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2018 Annual Report

By November 26, 2018December 8th, 2020Annual Reports, Recent News

Dear Friends,

This past summer, the Idaho Department of Fish and Game proposed extending the legal time for a trapper to check wolf snares from 72 hours to eight days. Designed to encourage more killing of wolves, this proposed rule could leave an animal to suffer for more than twice as long.

In Alaska and most areas across the northern Rocky Mountain states, where the vast majority of the wolves live in the West, wolf hunting season spans an extraordinarily long 6-12 months of the year. Arguably worse, the extremely antiquated and inhumane practice of trapping and snaring wolves is also permitted across much of the same regions. Trapping wolves is not only cruel to the trapped wolf, but is also devastating to the pack members left behind. We learned a lot about the trauma and devastation trapping and snaring causes for wolves and wolf families from the late wolf biologist Dr. Gordon Haber, while filming in and around Denali National Park and Preserve in Alaska.

It was a leg-hold trap just outside the northeastern boundary of Denali that ensnared one of Gordon’s study animals, an alpha female, just before mating season. As Gordon watched, legally prohibited from helping her, the female suffered in a trap for two weeks before the trapper finally shot her. During the entire ordeal, her mate and offspring remained nearby, perhaps even by her side. It’s quite possible they brought food to her, desperate to help, but ultimately they were unable to keep her alive. When at last she was shot, her family fled the area.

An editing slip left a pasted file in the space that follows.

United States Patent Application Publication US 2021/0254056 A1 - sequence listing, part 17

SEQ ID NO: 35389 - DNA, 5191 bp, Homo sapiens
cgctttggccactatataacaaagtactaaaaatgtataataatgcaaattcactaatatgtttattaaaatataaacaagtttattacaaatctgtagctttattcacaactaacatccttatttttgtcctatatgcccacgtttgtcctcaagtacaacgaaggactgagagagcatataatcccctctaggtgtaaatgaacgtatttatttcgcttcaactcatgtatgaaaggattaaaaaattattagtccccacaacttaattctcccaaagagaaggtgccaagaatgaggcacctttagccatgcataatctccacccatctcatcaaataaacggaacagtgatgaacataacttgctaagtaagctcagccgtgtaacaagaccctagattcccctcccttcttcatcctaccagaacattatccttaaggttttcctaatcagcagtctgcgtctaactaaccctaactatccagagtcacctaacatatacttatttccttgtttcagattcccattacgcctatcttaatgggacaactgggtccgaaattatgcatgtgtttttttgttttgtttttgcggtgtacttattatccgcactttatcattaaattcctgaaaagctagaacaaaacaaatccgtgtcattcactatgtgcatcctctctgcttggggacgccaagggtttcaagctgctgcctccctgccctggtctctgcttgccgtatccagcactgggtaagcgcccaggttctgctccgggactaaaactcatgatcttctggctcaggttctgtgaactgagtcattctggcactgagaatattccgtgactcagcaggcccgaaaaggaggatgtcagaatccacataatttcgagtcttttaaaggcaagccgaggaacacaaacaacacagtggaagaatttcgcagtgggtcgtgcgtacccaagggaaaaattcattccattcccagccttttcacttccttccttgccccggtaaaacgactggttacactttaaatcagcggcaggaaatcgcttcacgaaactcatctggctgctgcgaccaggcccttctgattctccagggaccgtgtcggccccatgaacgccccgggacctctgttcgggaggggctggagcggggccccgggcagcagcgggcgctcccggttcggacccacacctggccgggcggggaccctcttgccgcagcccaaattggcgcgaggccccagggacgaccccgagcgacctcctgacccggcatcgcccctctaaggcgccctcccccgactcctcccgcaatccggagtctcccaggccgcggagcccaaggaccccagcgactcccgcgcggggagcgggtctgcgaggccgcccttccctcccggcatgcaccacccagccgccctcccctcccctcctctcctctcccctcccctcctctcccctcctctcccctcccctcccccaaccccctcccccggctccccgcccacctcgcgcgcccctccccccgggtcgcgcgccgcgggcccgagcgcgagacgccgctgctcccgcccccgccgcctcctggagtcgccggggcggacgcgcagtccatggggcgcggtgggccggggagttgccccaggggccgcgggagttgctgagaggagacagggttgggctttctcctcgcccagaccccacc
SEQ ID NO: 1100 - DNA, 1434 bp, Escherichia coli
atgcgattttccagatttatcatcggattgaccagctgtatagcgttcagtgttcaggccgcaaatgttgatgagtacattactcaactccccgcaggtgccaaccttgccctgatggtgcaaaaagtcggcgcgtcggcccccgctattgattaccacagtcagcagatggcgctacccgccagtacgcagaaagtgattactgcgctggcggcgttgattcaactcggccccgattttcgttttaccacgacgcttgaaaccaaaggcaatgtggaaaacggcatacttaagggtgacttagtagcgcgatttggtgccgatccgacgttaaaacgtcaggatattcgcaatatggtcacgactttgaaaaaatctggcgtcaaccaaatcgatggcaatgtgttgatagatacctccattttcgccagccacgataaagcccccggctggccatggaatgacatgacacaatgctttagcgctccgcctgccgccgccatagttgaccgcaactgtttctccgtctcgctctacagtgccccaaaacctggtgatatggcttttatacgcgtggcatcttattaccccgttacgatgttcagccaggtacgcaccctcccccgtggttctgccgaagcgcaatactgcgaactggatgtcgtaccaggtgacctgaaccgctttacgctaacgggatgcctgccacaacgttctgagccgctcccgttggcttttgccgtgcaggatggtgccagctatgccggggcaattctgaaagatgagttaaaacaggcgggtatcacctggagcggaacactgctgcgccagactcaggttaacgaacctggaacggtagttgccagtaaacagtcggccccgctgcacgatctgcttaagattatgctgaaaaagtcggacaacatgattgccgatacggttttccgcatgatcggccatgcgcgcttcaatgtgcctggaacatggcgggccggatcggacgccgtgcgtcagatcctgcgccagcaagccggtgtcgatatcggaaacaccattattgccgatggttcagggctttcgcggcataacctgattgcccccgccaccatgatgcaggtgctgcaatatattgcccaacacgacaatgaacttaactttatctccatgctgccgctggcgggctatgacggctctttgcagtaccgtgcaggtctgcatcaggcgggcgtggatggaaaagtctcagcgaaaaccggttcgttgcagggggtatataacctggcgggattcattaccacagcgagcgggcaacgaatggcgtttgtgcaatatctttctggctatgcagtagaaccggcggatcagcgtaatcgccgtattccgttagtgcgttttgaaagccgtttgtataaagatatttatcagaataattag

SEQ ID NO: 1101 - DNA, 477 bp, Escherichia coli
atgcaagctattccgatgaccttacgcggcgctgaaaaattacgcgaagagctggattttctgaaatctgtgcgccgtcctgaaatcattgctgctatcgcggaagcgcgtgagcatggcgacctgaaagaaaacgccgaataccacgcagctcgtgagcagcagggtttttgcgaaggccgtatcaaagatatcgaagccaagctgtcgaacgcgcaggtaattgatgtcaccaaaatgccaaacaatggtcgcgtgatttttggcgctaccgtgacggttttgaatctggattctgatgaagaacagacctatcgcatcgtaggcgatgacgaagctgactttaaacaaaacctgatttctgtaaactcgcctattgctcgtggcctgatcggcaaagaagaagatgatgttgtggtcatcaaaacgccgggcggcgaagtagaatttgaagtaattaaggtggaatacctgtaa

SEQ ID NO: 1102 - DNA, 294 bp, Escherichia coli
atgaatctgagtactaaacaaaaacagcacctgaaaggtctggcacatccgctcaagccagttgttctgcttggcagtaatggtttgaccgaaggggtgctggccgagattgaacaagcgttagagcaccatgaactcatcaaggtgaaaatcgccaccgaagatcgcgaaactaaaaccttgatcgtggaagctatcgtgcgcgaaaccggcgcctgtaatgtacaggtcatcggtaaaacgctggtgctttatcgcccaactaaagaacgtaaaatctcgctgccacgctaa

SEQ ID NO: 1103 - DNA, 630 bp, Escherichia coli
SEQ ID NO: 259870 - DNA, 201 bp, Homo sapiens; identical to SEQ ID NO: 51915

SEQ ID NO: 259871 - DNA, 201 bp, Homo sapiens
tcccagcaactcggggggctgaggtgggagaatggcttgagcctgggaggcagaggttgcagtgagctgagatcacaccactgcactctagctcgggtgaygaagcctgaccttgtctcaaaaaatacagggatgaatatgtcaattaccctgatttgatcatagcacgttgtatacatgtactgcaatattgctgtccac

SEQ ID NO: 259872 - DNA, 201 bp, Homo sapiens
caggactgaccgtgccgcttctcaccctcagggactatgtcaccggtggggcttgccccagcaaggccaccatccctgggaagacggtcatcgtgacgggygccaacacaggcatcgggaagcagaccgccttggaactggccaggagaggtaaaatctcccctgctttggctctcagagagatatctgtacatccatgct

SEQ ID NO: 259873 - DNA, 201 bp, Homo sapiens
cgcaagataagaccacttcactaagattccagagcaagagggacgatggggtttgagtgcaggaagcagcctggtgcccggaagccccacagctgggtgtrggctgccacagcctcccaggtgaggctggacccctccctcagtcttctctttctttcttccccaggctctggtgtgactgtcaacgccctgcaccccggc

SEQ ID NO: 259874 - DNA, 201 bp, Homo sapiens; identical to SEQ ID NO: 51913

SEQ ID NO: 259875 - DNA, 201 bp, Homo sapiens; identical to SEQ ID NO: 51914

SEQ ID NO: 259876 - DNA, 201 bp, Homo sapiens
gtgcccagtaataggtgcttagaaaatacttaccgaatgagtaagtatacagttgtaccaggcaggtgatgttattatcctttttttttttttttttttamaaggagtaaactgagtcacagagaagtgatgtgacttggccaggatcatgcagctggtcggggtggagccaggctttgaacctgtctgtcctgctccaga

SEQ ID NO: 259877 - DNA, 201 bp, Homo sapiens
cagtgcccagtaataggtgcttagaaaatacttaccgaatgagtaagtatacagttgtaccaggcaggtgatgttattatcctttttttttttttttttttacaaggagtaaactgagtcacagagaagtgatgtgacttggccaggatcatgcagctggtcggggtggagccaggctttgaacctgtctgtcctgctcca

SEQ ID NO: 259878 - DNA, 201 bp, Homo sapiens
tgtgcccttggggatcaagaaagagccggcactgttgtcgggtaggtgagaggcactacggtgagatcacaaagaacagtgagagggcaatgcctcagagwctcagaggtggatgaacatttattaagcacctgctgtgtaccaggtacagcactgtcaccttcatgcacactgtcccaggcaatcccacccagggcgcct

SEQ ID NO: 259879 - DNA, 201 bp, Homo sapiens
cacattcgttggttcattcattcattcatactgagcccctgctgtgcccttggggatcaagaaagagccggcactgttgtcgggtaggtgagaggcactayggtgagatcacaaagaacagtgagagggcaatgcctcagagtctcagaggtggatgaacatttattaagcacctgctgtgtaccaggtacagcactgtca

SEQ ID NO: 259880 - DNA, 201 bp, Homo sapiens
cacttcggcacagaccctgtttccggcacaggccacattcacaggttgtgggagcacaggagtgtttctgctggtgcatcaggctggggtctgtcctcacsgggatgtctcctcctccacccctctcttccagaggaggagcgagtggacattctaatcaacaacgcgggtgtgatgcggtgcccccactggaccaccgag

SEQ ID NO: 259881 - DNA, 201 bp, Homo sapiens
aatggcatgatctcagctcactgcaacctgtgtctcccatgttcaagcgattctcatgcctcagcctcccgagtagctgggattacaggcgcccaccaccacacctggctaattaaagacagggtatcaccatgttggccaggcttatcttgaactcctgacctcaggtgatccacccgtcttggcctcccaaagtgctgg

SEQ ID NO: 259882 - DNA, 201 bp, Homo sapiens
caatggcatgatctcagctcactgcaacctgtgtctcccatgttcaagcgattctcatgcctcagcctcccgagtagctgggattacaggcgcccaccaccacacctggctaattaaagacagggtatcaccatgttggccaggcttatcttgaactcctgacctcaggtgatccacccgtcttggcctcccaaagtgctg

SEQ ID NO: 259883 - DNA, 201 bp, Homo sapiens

The loyalty the alpha male displayed would have taught us enough, but his behavior over the next few weeks proved even more heartbreaking. When he left the trap site, he crossed back into the park and returned to the den where their pups had been born. There, the male dug through the snow and cleaned out the den, removing the leaves and loose soil, and readying it for a new litter of pups that he would never father. The following day, he traveled fourteen miles back to the spot where his mate had been trapped, searching frantically for her.

With you standing with us, Living with Wolves will always fight for wolves, as you expect us to, carefully monitoring decisionmakers and working every day to protect wolves, creating a safer world for them. We’re always aware that, without you, the hard work that’s needed would not be possible.

Thank you!

Jim and Jamie Dutcher,
Founders, Living with Wolves

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